Date of Award

8-1998

Culminating Project Type

Thesis

Degree Name

History: Public History: M.A.

Department

History

College

College of Liberal Arts

First Advisor

Donovan L. Hofsommer

Second Advisor

William T. Morgan

Third Advisor

Alton C. Wolfer

Creative Commons License

Creative Commons License
This work is licensed under a Creative Commons Attribution-Noncommercial-No Derivative Works 4.0 License.

Keywords and Subject Headings

Munsinger Gardens, Clemens Gardens, St. Cloud, Joseph Munsinger, William (Bill) & Virginia Clemens, Parks, local history, cultural landscape

Abstract

This thesis describes the history and evolution of the Munsinger and Clemens Gardens, municipal gardens located in southeast St. Cloud along the east bank of the Mississippi River. During the early 1930's Munsinger Garden was established under the direction of the city's first park superintendent, Joseph Munsinger. Approximately half a century later, the Clemens Gardens were developed as a result of the inspiration of St. Cloud's present nursery supervisor, David Morreim, and the patronage of William Clemens, a local entrepreneur. Since their inception, the Munsinger and Clemens Gardens, two seemingly disparate gardens that are linked by site, design, and spirit, have evolved to become one of the finest municipal gardens in the nation.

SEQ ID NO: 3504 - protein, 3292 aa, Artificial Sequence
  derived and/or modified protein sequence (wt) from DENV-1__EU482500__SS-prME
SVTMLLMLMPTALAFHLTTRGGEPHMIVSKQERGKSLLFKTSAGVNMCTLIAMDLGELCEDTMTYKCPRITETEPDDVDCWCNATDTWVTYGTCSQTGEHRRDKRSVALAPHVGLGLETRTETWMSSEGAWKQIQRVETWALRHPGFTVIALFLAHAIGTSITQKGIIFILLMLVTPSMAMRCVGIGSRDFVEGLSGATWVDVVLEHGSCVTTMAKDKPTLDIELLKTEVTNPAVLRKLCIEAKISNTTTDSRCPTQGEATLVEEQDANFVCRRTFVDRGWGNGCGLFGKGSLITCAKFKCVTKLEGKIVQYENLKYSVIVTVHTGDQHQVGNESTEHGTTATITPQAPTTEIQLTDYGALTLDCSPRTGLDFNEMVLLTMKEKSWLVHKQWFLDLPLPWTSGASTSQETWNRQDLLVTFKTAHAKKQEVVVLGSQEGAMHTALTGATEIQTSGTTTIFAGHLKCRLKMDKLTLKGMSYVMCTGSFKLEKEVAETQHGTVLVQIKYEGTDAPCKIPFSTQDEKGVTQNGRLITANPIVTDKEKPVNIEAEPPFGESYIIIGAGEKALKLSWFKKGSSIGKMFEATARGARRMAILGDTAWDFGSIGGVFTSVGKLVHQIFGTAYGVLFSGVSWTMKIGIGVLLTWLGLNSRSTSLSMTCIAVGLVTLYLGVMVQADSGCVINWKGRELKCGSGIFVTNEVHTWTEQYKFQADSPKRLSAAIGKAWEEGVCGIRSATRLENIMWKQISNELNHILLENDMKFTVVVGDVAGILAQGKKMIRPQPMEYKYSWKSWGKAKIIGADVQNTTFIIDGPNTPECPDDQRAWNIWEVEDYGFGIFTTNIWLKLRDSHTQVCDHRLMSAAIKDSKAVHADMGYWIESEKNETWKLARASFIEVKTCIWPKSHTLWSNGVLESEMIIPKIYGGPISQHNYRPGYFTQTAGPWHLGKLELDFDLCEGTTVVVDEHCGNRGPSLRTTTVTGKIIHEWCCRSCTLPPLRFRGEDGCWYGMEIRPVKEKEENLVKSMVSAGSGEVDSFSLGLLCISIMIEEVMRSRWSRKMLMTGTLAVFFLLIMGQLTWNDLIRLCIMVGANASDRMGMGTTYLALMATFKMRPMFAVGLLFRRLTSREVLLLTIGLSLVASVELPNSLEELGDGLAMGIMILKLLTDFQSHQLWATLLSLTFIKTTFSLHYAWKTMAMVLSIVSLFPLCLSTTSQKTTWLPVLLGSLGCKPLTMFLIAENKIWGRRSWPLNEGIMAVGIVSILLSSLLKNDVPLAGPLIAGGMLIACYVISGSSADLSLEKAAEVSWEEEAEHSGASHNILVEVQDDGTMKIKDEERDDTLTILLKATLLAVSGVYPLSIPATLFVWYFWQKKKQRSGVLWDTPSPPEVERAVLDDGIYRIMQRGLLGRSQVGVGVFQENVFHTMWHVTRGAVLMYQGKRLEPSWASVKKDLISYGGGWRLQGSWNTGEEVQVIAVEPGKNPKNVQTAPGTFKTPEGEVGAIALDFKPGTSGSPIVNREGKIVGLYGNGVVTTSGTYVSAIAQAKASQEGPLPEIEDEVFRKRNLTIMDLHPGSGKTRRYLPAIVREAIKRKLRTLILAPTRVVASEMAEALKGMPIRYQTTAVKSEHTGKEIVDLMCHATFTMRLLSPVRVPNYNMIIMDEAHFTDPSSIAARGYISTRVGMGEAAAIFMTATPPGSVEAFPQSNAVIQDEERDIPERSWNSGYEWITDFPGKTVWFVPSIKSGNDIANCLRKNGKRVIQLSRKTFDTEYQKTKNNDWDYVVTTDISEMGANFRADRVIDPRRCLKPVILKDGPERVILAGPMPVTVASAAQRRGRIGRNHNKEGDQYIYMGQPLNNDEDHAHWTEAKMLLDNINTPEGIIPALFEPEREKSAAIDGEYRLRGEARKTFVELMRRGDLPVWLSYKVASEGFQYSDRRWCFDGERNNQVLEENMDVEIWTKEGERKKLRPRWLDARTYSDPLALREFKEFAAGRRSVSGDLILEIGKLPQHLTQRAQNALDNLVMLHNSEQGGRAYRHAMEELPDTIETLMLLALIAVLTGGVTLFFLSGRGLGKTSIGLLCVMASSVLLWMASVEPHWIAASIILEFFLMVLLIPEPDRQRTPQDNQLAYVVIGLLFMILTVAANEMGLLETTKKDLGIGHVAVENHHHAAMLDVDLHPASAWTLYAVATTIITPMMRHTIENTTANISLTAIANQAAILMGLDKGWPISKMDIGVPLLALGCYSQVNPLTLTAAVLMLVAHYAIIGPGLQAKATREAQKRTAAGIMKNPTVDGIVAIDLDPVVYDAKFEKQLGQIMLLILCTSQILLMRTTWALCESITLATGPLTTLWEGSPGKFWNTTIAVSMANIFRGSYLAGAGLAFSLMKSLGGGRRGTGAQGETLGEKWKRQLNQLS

St. Cloud's Munsinger and Clemens Gardens have become an important part of the city's heritage. In the same way that pyramids provide data on ancient Egypt and gothic cathedrals disclose information on the Middle Ages, gardens reveal insights about the cultures in which they were created and maintained. As gardens are considered one of the highest representations of civilization and culture, St. Cloud's gardens represent both the fine arts of horticulture and garden design as well as the community's interest in civic beautification and the dedication and horticultural skills of their creators. The history of the Munsinger and Clemens Gardens provides a cultural record of the values and beliefs of its community and reflects the trends in American garden design during the twentieth century.

Comments/Acknowledgements

I gratefully acknowledge those who have assisted me in this endeavor. I would like to express particular thanks to David Morreim, Julie Dierkhising, Larry Haws, and Prentiss Foster of the St. Cloud Parks Department; John Decker and Lorie Fischer of the Stearns county Historical Society; the Clemens family; Robert W. Becker; Mary, Diane, and the Dean's Office of Science and Engineering at St. cloud State University; and Donovan L. Hofsommer, William T. Morgan, and Alton C. Wolfer.

OCLC Number

42516026

Included in

History Commons

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